This is a spring season. There was a snowfall here only last month (March,'99). Then very silently the spring came. One bright morning when I looked out of window, I saw the white blossom on a small plum tree in my back yard. In one week the whole area has changed. There is color burst all over. White, pink and yellow dominate the landscape. The green leaves are trying to come out. The white and pink blossom on dogwood, pear and cherry trees looks like as if they are decorated to welcome the spring season. The Mid Atlantic region of USA has a very sharp change of seasons. In this area every season comes with a full force and then gradually moves on.
Amish country in Pennsylvania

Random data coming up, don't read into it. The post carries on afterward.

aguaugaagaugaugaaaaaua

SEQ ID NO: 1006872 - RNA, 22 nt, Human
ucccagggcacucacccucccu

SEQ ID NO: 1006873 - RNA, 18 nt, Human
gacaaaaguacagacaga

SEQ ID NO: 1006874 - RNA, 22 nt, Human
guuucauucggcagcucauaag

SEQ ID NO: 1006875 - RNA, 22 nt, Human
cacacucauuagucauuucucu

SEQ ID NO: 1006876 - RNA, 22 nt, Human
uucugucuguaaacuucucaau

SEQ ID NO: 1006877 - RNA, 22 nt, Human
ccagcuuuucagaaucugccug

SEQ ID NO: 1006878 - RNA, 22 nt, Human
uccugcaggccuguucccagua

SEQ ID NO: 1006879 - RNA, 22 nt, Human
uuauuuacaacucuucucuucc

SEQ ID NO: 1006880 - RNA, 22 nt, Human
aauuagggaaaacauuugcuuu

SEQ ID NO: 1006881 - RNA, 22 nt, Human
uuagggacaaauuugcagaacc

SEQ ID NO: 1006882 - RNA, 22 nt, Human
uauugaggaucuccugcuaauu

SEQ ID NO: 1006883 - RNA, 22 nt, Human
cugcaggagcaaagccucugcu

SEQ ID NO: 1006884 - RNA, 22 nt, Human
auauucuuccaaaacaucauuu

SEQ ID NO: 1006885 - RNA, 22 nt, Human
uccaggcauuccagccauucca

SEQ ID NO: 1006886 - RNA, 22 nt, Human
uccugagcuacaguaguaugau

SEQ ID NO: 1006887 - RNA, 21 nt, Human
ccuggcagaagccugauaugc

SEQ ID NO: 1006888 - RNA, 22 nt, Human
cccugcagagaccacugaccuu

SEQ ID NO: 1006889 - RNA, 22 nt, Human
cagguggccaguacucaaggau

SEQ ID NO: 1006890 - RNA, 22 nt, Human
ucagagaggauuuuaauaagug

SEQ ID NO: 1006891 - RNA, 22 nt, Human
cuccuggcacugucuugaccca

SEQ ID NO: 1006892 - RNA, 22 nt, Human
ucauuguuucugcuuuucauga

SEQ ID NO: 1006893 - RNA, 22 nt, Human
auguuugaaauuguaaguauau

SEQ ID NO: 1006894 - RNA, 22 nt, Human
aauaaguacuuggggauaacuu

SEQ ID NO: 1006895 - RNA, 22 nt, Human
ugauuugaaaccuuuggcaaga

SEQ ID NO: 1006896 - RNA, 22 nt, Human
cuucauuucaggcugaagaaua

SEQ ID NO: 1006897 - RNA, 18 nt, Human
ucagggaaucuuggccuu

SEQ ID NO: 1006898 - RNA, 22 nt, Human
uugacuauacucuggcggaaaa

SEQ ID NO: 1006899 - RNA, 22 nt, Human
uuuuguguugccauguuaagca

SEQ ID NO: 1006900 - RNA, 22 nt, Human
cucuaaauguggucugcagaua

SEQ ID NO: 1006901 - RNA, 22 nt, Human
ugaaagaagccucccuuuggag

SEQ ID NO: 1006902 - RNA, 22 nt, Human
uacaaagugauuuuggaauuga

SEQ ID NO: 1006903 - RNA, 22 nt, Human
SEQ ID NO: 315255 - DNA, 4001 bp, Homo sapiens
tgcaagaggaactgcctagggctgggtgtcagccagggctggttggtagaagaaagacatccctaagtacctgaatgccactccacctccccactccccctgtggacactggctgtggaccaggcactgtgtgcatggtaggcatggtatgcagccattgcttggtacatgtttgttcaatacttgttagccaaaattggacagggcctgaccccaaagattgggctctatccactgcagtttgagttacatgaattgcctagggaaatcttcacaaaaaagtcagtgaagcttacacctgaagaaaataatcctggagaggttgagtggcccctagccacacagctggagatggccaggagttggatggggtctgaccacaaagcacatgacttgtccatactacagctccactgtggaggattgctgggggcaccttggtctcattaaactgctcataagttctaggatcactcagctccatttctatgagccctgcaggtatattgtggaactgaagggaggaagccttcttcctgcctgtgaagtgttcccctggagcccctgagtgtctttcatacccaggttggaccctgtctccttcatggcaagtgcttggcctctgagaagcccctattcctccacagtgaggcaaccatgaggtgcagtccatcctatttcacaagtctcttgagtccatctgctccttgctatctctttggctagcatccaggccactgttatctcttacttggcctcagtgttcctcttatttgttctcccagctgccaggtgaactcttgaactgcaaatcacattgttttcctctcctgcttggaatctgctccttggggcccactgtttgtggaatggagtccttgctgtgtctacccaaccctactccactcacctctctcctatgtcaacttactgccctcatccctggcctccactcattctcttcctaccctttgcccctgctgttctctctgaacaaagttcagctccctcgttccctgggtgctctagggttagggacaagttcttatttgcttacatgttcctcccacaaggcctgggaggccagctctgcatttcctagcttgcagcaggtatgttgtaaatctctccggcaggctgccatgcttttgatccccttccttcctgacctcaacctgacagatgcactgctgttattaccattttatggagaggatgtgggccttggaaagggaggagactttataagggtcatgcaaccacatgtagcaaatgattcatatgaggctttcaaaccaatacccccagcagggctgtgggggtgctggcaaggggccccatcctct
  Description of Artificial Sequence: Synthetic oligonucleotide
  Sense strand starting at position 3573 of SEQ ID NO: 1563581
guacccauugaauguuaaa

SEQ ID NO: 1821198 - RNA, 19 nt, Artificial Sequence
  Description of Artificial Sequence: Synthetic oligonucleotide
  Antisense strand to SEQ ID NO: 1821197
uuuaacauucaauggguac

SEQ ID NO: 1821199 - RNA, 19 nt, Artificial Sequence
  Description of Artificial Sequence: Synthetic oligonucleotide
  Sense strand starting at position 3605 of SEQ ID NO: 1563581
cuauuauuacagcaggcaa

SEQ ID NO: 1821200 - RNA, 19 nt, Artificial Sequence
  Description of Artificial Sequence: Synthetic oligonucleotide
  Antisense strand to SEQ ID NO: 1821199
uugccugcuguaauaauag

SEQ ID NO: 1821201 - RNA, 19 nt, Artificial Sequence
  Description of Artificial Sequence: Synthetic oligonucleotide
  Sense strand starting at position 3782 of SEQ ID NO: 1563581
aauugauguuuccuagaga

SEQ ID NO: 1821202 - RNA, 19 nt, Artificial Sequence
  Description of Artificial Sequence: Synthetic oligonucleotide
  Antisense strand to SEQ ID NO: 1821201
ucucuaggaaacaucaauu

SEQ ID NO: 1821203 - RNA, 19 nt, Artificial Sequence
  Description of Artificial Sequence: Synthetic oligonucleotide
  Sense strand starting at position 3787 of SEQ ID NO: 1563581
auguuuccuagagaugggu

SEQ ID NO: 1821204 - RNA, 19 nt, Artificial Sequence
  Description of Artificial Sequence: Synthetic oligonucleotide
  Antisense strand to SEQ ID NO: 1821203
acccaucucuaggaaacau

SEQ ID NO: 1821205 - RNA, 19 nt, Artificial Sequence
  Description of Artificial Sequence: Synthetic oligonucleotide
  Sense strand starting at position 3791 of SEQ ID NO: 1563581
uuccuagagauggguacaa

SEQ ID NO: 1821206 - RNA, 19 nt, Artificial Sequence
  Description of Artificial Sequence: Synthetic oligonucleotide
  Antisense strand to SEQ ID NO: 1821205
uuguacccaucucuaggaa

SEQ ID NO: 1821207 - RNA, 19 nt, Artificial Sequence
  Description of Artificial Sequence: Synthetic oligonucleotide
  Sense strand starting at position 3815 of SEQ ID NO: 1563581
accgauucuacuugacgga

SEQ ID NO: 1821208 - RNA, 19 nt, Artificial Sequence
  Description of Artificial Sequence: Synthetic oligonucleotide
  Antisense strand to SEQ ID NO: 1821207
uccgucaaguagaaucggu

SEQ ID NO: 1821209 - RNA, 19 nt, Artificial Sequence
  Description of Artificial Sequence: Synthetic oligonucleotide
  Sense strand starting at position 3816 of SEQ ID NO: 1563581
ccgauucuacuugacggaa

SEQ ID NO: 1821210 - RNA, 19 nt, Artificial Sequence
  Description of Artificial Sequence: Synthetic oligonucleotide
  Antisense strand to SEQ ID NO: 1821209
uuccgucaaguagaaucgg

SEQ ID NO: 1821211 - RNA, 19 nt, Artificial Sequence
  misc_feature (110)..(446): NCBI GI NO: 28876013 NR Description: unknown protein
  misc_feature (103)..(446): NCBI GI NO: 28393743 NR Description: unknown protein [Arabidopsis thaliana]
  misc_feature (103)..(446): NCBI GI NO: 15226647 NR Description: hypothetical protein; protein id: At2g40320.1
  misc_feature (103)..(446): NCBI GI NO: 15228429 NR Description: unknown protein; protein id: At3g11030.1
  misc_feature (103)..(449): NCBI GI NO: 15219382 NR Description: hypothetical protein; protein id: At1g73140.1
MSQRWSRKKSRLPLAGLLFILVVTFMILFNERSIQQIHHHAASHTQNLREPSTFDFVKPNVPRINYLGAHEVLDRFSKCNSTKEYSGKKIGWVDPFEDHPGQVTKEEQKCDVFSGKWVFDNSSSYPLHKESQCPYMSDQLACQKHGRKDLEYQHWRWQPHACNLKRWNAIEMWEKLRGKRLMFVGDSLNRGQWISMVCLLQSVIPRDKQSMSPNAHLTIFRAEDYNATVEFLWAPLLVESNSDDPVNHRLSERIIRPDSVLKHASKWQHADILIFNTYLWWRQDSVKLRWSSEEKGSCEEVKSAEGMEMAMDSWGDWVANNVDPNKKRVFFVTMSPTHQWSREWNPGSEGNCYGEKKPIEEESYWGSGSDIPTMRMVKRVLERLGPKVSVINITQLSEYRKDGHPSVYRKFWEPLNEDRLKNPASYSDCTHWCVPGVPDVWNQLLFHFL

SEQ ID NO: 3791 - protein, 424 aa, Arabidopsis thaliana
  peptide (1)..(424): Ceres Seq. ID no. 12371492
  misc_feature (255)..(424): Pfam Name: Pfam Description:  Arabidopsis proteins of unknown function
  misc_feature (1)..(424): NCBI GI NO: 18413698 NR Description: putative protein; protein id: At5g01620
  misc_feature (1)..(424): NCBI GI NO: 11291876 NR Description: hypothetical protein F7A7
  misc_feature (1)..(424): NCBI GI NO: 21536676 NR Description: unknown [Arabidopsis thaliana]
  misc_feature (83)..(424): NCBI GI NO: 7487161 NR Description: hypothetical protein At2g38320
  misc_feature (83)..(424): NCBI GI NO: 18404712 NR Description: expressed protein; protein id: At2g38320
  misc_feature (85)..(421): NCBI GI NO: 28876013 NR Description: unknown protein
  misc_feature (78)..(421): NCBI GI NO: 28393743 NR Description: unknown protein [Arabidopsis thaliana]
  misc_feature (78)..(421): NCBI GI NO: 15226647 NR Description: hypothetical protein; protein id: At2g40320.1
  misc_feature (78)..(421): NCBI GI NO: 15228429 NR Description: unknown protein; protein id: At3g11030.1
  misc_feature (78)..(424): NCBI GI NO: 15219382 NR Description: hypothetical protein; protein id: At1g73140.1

The country road leading to Lancaster Pennsylvania has all the colors. The houses in this area are both old and new. The old houses have a front porch like southern towns and the new housing developments have all kinds of styles. The landscape has now changed. You can see far into the fields and something like a warehouse. This area called Avondale is adjacent to the mushroom capital (Kennett Square) of the USA. The warehouse like buildings have a big pile of spent mushroom soil. The people in this area came from southern Europe and still maintain the character of a farming community. Something in American character has a pioneering spirit. As city expands, the Americans like to move away from urban sprawl. After sometime, the national grocery chains follow the population and then Burger King and McDonalds push their way in. The same people who want calm, quiet and pollution free life drive 20-50 miles to work adding to pollution. Avondale is a small town that still maintains its country character. I can hear Latin music and a little ahead on the left side is a Mexican restaurant named El Sombrero. Few people are sitting outside. The Hispanic population in Avondale area started as migrant worker community. Gradually they have put down their roots in this area and most of them still work on farms. I stop at El Sombrero to pick up snacks and soda.